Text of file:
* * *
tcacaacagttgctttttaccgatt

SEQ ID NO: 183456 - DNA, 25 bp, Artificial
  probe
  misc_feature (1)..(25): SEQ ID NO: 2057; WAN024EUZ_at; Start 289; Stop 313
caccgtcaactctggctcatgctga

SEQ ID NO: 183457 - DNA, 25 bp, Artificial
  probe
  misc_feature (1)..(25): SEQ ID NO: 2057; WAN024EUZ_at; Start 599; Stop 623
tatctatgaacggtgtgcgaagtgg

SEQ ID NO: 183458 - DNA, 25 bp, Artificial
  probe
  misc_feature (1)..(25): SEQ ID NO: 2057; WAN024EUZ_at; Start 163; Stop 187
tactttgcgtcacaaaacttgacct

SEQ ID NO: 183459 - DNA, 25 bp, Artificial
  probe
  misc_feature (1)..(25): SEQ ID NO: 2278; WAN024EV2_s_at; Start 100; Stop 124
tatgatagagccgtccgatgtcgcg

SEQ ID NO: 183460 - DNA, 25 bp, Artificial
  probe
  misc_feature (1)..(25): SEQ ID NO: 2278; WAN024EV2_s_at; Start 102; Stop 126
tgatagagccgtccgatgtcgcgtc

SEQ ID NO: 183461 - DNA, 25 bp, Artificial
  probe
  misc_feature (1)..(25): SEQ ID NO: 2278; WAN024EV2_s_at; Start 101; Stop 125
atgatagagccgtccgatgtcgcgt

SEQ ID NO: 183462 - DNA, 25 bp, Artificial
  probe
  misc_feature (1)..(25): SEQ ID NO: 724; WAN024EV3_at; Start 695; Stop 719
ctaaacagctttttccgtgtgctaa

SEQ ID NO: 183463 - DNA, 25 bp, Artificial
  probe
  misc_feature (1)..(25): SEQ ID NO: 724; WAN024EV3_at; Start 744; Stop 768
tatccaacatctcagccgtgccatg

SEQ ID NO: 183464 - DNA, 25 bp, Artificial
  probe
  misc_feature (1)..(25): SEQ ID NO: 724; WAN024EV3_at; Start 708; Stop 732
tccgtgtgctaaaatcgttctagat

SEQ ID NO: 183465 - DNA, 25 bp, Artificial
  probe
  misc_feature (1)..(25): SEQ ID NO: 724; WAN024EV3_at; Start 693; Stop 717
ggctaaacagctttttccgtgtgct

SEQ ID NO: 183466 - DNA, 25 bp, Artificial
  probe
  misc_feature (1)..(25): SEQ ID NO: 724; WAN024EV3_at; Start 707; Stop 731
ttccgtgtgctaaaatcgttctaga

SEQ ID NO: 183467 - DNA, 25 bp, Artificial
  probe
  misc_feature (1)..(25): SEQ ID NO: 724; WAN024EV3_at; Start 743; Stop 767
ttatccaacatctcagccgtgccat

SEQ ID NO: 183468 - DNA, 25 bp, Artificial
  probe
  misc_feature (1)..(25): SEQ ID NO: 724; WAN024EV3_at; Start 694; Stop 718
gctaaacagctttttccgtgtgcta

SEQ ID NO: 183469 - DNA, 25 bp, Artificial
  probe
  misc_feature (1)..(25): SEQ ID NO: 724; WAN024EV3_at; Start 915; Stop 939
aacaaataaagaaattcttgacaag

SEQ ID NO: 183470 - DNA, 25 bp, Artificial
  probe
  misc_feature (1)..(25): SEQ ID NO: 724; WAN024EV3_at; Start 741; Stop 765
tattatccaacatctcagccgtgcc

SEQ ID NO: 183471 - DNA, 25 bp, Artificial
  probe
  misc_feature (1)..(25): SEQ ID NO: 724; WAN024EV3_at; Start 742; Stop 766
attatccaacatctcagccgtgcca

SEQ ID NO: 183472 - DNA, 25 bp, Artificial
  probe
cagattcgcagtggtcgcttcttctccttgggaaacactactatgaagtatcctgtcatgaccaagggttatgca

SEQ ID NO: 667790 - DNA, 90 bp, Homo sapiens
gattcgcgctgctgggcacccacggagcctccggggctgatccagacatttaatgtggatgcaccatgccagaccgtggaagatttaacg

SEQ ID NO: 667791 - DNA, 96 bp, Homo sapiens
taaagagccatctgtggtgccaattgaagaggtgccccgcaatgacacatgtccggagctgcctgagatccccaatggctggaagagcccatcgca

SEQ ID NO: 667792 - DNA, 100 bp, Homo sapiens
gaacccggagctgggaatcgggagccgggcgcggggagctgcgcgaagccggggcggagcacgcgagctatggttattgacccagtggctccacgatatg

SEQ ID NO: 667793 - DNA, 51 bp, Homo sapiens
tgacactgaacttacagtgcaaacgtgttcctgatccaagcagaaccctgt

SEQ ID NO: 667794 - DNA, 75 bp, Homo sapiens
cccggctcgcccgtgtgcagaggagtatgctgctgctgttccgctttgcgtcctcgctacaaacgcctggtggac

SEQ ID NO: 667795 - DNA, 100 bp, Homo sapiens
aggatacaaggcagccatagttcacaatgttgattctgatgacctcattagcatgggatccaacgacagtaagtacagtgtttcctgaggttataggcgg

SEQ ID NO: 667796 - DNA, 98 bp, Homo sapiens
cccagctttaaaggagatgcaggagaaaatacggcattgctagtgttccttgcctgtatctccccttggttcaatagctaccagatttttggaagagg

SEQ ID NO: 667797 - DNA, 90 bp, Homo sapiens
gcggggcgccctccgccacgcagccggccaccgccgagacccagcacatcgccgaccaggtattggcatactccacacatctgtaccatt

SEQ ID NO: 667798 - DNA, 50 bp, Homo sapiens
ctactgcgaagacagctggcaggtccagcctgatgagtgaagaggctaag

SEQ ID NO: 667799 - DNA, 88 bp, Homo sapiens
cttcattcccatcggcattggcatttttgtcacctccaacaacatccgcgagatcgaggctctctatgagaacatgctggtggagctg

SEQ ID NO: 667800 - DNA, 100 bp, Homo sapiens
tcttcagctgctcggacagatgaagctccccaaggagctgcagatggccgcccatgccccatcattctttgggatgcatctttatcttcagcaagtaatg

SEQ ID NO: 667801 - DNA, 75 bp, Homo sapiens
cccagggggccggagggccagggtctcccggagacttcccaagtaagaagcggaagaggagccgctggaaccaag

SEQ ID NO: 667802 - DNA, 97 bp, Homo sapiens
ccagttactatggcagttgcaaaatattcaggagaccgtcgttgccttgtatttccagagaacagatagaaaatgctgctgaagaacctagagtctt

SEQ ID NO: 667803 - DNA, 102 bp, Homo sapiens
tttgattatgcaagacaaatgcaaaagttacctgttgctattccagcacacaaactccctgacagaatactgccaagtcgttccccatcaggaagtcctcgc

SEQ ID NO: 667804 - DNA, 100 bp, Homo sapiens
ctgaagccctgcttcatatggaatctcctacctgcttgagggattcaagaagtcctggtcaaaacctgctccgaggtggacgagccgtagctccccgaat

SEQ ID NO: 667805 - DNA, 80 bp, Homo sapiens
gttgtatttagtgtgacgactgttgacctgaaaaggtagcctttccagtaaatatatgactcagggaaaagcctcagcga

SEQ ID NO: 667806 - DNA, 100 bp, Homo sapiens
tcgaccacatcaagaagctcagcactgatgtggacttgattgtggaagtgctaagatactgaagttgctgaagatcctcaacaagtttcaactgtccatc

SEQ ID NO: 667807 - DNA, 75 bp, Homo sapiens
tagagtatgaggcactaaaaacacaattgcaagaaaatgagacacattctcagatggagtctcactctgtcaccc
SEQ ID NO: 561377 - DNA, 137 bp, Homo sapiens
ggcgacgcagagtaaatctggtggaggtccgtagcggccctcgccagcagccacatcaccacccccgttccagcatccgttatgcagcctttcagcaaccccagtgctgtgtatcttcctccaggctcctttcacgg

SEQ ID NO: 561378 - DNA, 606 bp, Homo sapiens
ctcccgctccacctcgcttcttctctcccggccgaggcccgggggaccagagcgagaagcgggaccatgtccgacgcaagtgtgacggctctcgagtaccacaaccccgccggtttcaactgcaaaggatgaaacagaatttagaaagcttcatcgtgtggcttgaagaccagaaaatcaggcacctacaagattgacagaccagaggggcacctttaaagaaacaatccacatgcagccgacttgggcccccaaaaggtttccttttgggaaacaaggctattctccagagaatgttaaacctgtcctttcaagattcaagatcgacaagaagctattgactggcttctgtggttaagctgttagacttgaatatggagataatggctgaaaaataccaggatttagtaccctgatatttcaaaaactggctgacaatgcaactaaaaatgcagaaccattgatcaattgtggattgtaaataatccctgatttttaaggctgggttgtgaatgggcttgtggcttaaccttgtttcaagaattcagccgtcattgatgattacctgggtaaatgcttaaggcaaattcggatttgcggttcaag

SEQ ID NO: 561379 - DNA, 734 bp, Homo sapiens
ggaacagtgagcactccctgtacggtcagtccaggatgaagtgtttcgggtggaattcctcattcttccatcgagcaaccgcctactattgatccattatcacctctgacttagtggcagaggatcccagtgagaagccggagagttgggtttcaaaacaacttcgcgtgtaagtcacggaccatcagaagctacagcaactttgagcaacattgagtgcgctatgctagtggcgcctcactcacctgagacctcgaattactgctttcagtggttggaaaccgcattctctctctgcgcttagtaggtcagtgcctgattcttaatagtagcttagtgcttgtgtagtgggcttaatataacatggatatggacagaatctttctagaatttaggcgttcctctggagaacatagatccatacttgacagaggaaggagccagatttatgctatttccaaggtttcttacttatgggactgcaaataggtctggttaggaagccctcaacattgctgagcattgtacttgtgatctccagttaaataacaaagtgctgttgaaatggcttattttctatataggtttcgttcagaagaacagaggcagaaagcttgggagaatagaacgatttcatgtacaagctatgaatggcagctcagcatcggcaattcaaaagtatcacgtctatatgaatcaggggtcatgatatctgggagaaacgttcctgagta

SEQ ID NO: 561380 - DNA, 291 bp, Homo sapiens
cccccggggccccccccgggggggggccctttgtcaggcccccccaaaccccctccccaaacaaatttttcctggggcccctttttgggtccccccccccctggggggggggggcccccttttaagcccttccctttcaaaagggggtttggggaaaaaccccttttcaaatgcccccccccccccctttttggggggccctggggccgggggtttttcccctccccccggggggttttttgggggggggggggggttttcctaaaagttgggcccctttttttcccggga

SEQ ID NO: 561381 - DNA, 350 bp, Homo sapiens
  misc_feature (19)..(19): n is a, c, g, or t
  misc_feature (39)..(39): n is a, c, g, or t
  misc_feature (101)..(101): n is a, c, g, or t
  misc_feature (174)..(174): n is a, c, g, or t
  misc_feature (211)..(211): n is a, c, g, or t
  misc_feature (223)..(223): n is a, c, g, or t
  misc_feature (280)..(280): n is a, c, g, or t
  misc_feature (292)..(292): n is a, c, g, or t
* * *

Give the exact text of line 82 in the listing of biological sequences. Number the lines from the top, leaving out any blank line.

cccagctttaaaggagatgcaggagaaaatacggcattgctagtgttccttgcctgtatctccccttggttcaatagctaccagatttttggaagagg